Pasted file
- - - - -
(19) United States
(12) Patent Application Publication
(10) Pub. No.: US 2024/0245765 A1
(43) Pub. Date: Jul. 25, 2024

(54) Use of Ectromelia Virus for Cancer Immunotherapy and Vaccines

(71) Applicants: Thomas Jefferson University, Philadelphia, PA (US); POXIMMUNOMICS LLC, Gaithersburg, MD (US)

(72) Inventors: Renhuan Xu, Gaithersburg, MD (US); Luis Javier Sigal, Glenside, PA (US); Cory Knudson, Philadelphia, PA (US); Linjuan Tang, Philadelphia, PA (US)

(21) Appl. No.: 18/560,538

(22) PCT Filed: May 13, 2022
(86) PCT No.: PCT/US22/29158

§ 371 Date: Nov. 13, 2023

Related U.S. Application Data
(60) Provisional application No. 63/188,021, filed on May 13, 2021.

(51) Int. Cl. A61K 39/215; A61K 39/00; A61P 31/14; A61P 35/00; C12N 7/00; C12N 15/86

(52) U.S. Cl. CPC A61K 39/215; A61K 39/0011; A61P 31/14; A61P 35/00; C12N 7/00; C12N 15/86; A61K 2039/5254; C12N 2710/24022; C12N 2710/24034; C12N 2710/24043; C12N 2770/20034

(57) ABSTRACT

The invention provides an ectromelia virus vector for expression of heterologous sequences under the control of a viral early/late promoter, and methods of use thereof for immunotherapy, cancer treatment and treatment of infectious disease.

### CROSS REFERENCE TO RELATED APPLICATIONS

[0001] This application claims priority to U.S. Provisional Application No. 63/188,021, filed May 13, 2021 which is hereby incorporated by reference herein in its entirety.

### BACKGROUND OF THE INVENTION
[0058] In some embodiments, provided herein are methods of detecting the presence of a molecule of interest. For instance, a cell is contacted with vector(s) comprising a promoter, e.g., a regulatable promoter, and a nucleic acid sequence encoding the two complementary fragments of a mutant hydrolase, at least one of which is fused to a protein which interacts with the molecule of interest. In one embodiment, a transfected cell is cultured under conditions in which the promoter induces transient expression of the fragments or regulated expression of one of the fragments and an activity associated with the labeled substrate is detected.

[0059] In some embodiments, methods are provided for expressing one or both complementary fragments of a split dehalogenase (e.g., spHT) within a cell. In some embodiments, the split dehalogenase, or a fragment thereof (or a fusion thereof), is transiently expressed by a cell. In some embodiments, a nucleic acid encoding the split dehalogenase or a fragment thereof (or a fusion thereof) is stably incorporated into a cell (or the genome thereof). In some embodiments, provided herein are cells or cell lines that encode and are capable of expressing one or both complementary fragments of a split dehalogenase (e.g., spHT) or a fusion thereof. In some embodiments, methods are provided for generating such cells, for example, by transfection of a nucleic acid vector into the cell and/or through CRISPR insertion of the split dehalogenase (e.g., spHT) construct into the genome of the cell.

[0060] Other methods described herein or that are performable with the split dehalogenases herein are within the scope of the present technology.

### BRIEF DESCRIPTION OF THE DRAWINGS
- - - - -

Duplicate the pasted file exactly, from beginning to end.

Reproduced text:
(19) United States
(12) Patent Application Publication
(10) Pub. No.: US 2024/0245765 A1
(43) Pub. Date: Jul. 25, 2024

(54) Use of Ectromelia Virus for Cancer Immunotherapy and Vaccines

(71) Applicants: Thomas Jefferson University, Philadelphia, PA (US); POXIMMUNOMICS LLC, Gaithersburg, MD (US)

(72) Inventors: Renhuan Xu, Gaithersburg, MD (US); Luis Javier Sigal, Glenside, PA (US); Cory Knudson, Philadelphia, PA (US); Linjuan Tang, Philadelphia, PA (US)

(21) Appl. No.: 18/560,538

(22) PCT Filed: May 13, 2022
(86) PCT No.: PCT/US22/29158

§ 371 Date: Nov. 13, 2023

Related U.S. Application Data
(60) Provisional application No. 63/188,021, filed on May 13, 2021.

(51) Int. Cl. A61K 39/215; A61K 39/00; A61P 31/14; A61P 35/00; C12N 7/00; C12N 15/86

(52) U.S. Cl. CPC A61K 39/215; A61K 39/0011; A61P 31/14; A61P 35/00; C12N 7/00; C12N 15/86; A61K 2039/5254; C12N 2710/24022; C12N 2710/24034; C12N 2710/24043; C12N 2770/20034

(57) ABSTRACT

The invention provides an ectromelia virus vector for expression of heterologous sequences under the control of a viral early/late promoter, and methods of use thereof for immunotherapy, cancer treatment and treatment of infectious disease.

### CROSS REFERENCE TO RELATED APPLICATIONS

[0001] This application claims priority to U.S. Provisional Application No. 63/188,021, filed May 13, 2021 which is hereby incorporated by reference herein in its entirety.

### BACKGROUND OF THE INVENTION
[0058] In some embodiments, provided herein are methods of detecting the presence of a molecule of interest. For instance, a cell is contacted with vector(s) comprising a promoter, e.g., a regulatable promoter, and a nucleic acid sequence encoding the two complementary fragments of a mutant hydrolase, at least one of which is fused to a protein which interacts with the molecule of interest. In one embodiment, a transfected cell is cultured under conditions in which the promoter induces transient expression of the fragments or regulated expression of one of the fragments and an activity associated with the labeled substrate is detected.

[0059] In some embodiments, methods are provided for expressing one or both complementary fragments of a split dehalogenase (e.g., spHT) within a cell. In some embodiments, the split dehalogenase, or a fragment thereof (or a fusion thereof), is transiently expressed by a cell. In some embodiments, a nucleic acid encoding the split dehalogenase or a fragment thereof (or a fusion thereof) is stably incorporated into a cell (or the genome thereof). In some embodiments, provided herein are cells or cell lines that encode and are capable of expressing one or both complementary fragments of a split dehalogenase (e.g., spHT) or a fusion thereof. In some embodiments, methods are provided for generating such cells, for example, by transfection of a nucleic acid vector into the cell and/or through CRISPR insertion of the split dehalogenase (e.g., spHT) construct into the genome of the cell.

[0060] Other methods described herein or that are performable with the split dehalogenases herein are within the scope of the present technology.

### BRIEF DESCRIPTION OF THE DRAWINGS